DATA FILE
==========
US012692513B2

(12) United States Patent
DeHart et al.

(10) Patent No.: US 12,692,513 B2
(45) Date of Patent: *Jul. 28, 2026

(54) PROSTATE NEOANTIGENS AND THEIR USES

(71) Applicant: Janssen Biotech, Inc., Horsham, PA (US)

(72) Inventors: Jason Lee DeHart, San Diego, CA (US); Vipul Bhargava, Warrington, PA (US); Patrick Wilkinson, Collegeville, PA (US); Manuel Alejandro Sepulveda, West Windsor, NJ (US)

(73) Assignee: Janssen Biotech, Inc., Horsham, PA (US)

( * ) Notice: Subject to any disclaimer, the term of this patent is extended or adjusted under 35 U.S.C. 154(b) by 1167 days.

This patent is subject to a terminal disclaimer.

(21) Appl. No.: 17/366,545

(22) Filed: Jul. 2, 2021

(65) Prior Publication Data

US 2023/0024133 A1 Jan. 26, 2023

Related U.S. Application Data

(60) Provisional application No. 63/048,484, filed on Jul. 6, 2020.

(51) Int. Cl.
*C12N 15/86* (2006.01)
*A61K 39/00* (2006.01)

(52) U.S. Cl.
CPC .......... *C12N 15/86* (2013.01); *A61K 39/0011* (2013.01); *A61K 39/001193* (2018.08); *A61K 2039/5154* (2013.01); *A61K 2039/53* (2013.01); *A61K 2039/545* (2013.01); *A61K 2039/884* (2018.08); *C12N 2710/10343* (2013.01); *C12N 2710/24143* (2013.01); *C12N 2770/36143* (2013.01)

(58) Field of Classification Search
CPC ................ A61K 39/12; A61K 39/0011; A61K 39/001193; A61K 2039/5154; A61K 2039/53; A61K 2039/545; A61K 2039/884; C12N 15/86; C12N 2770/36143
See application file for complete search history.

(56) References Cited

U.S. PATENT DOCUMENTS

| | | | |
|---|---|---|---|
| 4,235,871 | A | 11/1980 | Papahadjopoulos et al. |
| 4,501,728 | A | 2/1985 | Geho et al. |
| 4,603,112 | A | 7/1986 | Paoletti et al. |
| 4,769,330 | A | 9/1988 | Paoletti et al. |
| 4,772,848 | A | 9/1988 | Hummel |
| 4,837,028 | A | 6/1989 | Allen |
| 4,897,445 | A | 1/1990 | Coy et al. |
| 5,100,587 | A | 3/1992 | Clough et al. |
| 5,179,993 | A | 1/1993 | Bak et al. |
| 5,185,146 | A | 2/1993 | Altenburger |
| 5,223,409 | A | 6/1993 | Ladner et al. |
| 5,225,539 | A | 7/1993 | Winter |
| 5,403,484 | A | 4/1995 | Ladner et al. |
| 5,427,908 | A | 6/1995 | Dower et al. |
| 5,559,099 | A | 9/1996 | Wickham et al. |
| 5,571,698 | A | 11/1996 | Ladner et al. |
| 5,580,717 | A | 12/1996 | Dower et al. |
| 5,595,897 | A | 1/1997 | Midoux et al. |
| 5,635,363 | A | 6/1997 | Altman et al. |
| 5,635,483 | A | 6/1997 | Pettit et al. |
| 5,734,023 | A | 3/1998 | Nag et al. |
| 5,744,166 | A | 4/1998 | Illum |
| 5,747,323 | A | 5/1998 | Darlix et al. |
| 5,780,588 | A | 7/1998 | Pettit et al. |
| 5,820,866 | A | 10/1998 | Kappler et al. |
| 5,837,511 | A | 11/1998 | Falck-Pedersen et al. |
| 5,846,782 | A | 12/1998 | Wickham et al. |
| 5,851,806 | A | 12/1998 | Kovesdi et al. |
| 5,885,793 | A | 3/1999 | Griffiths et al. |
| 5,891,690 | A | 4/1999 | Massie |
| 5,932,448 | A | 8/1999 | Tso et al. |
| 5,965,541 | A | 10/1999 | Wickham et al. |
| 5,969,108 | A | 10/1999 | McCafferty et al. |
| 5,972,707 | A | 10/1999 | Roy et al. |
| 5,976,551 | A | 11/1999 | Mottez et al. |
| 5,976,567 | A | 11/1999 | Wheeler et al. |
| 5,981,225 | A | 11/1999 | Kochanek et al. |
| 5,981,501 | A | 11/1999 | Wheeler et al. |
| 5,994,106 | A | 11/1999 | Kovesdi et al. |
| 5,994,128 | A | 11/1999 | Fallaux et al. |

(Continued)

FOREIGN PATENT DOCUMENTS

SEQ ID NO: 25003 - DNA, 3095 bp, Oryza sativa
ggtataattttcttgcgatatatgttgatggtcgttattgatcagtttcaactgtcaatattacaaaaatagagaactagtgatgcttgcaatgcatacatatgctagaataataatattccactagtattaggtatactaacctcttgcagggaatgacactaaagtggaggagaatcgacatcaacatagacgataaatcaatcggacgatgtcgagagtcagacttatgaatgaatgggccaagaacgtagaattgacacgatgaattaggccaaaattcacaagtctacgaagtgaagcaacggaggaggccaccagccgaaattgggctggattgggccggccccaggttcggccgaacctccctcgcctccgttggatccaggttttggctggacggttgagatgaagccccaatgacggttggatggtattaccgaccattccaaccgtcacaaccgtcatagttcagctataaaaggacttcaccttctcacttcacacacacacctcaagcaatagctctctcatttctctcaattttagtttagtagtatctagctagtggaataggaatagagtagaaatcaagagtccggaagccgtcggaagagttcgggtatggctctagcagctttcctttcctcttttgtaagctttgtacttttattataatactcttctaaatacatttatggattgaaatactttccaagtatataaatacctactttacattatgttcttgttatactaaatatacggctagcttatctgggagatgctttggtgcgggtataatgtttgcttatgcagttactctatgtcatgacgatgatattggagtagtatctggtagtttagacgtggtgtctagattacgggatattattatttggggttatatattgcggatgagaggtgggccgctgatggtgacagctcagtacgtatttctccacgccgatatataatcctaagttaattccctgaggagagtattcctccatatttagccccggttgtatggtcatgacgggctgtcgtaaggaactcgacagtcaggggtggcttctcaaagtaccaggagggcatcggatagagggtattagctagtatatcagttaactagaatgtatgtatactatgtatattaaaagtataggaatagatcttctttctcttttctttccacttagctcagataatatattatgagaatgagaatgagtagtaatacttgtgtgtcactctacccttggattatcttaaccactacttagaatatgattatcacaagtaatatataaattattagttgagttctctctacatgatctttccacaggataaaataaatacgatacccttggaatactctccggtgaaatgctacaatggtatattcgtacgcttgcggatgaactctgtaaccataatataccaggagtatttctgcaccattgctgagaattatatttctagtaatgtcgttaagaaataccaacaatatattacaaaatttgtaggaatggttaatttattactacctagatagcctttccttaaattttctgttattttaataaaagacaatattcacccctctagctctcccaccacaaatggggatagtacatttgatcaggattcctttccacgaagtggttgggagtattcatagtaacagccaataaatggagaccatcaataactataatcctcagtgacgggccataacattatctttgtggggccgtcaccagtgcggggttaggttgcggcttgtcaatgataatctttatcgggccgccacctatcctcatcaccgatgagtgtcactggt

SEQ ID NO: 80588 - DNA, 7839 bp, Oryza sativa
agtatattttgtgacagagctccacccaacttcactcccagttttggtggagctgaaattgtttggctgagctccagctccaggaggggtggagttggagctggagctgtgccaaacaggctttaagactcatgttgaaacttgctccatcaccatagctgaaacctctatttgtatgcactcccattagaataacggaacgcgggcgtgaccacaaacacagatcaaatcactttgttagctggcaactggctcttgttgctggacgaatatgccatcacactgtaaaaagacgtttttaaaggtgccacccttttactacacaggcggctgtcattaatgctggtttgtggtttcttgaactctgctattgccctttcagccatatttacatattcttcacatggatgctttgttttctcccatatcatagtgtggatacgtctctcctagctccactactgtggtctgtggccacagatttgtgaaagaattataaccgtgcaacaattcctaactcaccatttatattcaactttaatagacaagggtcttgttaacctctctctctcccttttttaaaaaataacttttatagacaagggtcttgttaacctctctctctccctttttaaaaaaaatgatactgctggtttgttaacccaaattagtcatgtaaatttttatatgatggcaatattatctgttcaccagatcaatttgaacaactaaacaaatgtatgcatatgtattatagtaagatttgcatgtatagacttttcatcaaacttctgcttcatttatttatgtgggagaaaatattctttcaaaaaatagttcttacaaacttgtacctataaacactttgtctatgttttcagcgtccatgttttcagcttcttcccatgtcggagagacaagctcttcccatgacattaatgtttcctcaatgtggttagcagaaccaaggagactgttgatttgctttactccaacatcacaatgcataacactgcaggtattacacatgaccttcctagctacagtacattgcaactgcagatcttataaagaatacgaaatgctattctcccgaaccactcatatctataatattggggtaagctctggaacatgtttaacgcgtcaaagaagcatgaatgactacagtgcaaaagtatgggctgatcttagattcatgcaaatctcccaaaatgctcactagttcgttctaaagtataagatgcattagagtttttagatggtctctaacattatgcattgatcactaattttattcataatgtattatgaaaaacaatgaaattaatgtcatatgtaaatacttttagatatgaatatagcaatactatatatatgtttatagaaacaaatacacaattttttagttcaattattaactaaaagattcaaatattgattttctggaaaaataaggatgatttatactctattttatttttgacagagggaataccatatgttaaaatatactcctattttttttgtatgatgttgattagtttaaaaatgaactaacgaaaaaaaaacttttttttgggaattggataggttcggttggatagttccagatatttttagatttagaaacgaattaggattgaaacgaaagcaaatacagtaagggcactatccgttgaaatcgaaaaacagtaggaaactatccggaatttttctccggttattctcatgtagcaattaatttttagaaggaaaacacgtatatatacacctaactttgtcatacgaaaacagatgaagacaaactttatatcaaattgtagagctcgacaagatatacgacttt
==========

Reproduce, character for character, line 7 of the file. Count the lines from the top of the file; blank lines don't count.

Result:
(71) Applicant: Janssen Biotech, Inc., Horsham, PA (US)